Punchline (1988) - Sally_Field and Tom_Hanks are two struggling standup comedians. She is new and he's good at his job but not making any money. They appear for a contest organized by some TV network.

Quite funny. I like both the actors so it was okay.


 

acintya

Legend
El Camino...

very straightforward and what i expected.but, i kinda liked it. nothing overwhelming,just an easy ride and i dont even miss W.W - he was really annoying in the second half of the series
 

Sentinel

Bionic Poster
The Major and the Minor (1942) - Ginger_Rogers and Ray_Milland. Directed by Billy_Wilder.

Started off quite well with Robert_Benchley playing a sureshesque middle aged man who cracks lame jokes and hits on younger women. But then they removed him, and it went on to Ginger playing a 12 yo girl which became a little annoying after a while.

As often happens in these old movies, a very convenient end all of a sudden.

 

Azure

Legend
Wag the Dog 1997

It's probably the third time I am watching it. Hilarious movie - how true all of it could be is actually astounding!
 

Sentinel

Bionic Poster
Wag the Dog 1997

It's probably the third time I am watching it. Hilarious movie - how true all of it could be is actually astounding!
I watched it just before the Pulwama attack and was shocked at how the events transpired as in the movie.
 

Sysyphus

Talk Tennis Guru
“One day, in retrospect, the years of struggle will strike you as the most beautiful.”
– Sigmund Freud


Dolor y gloria, or Pain and Glory, is a film by the by the Spanish filmmaker Pedro Almodóvar about a Spanish filmmaker who seems to have conspicuously much in common with Pedro Almodóvar, although he's called Salvador instead. Early on in the movie, Salvador seeks out an estranged actor friend who starred in his earliest hits. In a delicious touch of irony, Salvador is played by Antonio Banderas who played in Almodóvar's early hits but had a long-lasting falling-out with the director. At one point Banderas wears Almodóvar's shoes, not just figuratively but literally. So quite obviously we are dealing with a personal piece of filmmaking, about an artist who has come to a point where he is looking back across a life that's had a lot of breakage, reminiscing about his childhood with his mother, portrayed by Almodóvar-regular Penélope Cruz.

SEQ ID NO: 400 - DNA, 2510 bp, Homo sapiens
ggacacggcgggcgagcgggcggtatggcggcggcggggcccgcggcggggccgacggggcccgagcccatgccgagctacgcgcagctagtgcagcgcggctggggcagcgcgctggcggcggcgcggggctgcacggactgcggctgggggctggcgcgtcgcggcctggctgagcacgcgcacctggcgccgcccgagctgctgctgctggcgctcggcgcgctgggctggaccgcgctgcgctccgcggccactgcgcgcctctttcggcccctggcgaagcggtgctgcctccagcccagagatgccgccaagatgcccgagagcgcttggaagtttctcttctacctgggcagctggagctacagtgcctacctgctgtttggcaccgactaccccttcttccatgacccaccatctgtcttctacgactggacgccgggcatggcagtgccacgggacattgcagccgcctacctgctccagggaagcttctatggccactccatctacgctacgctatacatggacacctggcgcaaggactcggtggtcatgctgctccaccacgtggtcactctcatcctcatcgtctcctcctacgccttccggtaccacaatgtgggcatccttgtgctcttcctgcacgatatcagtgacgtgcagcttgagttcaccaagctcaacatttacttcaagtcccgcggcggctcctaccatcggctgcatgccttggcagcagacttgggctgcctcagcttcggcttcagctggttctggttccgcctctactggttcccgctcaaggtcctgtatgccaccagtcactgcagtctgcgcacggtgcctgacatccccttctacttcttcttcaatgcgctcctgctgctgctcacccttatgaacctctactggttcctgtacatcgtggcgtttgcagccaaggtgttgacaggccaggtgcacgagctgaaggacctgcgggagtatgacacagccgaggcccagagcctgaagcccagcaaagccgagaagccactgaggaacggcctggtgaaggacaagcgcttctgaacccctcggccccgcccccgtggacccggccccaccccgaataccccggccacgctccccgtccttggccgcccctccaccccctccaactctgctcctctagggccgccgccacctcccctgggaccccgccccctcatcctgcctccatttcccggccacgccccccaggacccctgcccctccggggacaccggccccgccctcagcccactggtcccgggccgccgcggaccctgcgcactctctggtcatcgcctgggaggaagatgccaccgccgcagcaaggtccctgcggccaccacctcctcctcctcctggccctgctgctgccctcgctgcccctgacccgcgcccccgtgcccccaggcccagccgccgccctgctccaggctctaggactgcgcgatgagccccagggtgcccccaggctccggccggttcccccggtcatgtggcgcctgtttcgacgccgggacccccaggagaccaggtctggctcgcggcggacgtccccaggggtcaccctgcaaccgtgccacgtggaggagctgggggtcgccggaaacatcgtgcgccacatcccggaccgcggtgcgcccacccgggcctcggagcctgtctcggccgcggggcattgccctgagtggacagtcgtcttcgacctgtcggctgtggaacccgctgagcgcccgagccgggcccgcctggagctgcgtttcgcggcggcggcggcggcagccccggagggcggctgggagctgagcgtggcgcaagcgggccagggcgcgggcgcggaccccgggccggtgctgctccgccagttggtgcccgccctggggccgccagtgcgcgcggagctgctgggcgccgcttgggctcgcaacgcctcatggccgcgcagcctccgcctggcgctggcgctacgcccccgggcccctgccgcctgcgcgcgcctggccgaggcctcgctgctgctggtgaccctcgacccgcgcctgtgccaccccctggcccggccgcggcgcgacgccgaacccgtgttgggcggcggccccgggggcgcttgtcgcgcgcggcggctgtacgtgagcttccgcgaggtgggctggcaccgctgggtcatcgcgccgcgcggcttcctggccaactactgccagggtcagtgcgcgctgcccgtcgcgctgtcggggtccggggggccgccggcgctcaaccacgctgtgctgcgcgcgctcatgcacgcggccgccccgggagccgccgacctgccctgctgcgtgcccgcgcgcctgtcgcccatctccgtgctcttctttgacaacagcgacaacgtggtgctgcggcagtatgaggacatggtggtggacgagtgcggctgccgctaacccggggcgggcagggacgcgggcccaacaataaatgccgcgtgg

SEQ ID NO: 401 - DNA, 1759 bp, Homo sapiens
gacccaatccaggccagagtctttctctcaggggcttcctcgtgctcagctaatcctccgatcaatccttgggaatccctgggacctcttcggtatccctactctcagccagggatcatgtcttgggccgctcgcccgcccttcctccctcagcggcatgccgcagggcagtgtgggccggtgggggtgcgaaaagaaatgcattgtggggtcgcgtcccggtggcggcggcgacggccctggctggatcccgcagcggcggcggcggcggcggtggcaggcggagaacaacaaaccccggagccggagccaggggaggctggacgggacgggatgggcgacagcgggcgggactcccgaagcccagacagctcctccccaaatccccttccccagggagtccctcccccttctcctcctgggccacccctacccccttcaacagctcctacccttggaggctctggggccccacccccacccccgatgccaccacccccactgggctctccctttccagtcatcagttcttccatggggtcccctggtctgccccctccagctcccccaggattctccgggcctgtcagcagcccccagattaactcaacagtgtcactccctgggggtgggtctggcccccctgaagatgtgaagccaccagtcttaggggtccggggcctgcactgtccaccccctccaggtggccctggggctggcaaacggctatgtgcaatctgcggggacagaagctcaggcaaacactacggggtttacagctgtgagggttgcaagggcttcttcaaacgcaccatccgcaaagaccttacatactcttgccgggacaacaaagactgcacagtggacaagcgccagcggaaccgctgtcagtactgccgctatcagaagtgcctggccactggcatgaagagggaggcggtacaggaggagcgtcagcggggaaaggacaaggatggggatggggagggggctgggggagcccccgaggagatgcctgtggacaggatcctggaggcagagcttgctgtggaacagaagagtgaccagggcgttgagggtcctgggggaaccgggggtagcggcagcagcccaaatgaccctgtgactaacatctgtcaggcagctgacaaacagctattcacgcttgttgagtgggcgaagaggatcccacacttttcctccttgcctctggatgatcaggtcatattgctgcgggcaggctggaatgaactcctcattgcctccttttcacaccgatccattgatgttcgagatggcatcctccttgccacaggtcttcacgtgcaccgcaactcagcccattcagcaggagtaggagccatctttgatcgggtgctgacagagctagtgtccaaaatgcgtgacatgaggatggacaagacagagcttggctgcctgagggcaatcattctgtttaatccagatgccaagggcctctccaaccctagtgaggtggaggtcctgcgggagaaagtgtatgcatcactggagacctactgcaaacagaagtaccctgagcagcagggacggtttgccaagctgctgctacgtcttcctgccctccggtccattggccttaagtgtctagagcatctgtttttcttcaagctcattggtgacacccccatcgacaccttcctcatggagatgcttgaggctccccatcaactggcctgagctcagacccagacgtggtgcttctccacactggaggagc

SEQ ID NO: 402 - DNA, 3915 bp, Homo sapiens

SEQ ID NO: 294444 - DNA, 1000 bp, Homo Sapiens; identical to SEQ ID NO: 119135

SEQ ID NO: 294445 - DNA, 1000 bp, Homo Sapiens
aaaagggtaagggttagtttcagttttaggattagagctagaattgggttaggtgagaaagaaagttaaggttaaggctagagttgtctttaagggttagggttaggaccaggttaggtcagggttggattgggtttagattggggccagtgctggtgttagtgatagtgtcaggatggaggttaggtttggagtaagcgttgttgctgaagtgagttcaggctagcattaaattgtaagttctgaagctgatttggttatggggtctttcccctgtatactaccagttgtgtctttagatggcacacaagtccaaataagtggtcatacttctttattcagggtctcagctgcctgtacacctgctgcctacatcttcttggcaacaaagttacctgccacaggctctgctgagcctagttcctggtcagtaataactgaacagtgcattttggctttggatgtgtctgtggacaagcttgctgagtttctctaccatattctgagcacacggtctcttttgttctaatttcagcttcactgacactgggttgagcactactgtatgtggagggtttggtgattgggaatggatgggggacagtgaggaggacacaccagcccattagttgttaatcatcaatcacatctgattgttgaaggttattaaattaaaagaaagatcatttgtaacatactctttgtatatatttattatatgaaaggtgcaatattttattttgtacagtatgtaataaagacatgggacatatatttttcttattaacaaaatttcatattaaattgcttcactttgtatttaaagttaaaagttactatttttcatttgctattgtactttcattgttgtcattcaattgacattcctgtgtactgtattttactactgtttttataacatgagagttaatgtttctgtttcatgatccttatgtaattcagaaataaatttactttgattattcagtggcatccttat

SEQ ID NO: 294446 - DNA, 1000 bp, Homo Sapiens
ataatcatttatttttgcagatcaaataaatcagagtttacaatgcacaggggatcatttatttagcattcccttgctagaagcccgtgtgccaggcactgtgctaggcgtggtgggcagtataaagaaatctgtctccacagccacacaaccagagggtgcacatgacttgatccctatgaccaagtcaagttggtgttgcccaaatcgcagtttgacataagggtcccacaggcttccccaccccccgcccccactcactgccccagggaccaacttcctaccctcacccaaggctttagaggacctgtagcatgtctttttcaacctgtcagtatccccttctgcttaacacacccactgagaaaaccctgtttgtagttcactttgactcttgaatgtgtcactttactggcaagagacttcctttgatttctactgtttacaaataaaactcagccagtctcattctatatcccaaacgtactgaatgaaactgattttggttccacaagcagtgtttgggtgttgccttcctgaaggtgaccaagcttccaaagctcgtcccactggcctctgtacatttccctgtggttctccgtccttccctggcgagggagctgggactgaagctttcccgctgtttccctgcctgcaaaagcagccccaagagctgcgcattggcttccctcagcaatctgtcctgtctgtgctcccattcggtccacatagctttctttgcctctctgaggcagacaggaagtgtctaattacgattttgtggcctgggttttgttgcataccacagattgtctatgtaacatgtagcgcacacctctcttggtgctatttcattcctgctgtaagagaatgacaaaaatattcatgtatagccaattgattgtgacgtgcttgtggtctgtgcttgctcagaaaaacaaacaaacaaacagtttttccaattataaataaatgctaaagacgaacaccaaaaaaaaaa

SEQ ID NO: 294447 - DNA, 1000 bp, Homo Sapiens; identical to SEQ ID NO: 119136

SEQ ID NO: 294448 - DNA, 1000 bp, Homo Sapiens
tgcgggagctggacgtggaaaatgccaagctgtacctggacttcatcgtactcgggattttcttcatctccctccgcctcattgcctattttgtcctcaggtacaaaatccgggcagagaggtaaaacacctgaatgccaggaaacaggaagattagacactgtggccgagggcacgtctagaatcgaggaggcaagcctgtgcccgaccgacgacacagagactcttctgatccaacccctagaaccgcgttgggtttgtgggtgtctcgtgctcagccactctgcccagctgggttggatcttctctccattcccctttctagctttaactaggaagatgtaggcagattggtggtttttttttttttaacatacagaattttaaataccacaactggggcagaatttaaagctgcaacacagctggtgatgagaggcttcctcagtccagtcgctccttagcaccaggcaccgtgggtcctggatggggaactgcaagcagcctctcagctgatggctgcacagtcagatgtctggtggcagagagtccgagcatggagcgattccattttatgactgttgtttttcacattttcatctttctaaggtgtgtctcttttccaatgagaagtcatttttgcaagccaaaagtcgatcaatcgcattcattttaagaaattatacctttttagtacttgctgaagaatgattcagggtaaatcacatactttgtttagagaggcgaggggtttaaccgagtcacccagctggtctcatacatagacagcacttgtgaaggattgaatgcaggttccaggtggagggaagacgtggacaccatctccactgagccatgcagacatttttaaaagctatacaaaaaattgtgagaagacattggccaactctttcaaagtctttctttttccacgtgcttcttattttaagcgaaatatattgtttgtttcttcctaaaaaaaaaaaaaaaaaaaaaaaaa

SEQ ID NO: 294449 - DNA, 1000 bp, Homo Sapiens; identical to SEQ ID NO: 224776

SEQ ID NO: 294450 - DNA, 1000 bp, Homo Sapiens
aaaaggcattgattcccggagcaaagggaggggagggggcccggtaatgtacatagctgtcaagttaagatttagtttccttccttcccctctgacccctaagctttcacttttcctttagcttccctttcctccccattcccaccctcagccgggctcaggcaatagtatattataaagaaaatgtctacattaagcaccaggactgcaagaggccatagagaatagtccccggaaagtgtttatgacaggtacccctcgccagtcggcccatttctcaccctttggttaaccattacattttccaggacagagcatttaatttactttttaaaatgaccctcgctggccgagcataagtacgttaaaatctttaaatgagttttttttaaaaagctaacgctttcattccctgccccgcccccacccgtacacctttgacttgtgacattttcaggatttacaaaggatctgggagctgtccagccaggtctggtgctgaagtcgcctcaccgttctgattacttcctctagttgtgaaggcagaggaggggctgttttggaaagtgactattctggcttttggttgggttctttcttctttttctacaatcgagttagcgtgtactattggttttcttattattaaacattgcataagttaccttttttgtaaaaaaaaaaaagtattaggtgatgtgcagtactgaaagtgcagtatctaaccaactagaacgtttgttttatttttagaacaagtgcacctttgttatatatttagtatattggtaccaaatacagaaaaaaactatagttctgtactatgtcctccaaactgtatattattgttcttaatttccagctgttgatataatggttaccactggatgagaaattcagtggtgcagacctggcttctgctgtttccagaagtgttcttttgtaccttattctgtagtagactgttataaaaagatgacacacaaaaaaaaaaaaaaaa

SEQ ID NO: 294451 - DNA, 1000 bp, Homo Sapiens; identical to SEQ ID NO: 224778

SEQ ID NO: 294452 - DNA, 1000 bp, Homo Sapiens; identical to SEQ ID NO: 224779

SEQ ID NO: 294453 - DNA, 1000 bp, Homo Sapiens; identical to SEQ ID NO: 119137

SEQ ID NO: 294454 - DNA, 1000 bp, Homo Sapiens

The story isn't the most tightly knit, more of a series of vignettes and episodes, trailing back and forth between the present day and the childhood recollections. This fixation on the nature of memory and non-linear representation is a familiar device in modernist cinema. But unlike something like Alain Resnais' Hiroshima mon amour, Almodóvar doesn't seem to as interested in the distortions and fallibility of memory but rather in memories as the aesthetic objects of a director. The recollections are tender and beautified, as if shrouded in a dreamlike haze; Cruz, clad in bright floral dresses, practically glistens as she drapes wet laundry by the riverside. If the story itself is of the more modest, quiet kind, as a piece of visual filmmaking it is certainly a ravishing thing to look at on the big screen. Almodóvar's eye for color coordination imbues most scenes with splendor. At times the film drifts quite far into melancholy, but the humor and absurdity is there to balance the scales.


 
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Sentinel

Bionic Poster
The Secret Garden (1993) - simple charming movie about children.

A girl, orphaned in India, returns to Britain to a 100-room country house owned by her mysterious uncle and run by a stern, unfriendly housekeeper (good old Maggie_Smith). She hears strange noises at night. Slowly she makes friends with everyone and explores the moor discovering the secret garden.

Directed by Agnieska_Holland (director of Europa Europa)




 
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Azure

Legend
“One day, in retrospect, the years of struggle will strike you as the most beautiful.”
– Sigmund Freud


Dolor y gloria, or Pain and Glory, is a film by the by the Spanish filmmaker Pedro Almodóvar about a Spanish filmmaker who seems to have conspicuously much in common with Pedro Almodóvar, although he's called Salvador instead. Early on in the movie, Salvador seeks out an estranged actor friend who starred in his earliest hits. In a delicious touch of irony, Salvador is played by Antonio Banderas who played in Almodóvar's early hits but had a long-lasting falling-out with the director. At one point Banderas wears Almodóvar's shoes, not just figuratively but literally. So quite obviously we are dealing with a personal piece of filmmaking, about an artist who has come to a point where he is looking back across a life that's had a lot of breakage, reminiscing about his childhood with his mother, portrayed by Almodóvar-regular Penélope Cruz.



The story isn't the most tightly knit, more of a series of vignettes and episodes, trailing back and forth between the present day and the childhood recollections. This fixation on the nature of memory and non-linear representation is a familiar device in modernist cinema. But unlike something like Alain Resnais' Hiroshima mon amour, Almodóvar doesn't seem to as interested in the distortions and fallibility of memory but rather in memories as the aesthetic objects of a director. The recollections are tender and beautified, as if shrouded in a dreamlike haze; Cruz, clad in bright floral dresses, practically glistens as she drapes wet laundry by the riverside. If the story itself is of the more modest, quiet kind, as a piece of visual filmmaking it is certainly a ravishing thing to look at on the big screen. Almodóvar's eye for color coordination imbues most scenes with splendor. At times the film drifts quite far into melancholy, but the humor and absurdity is there to balance the scales.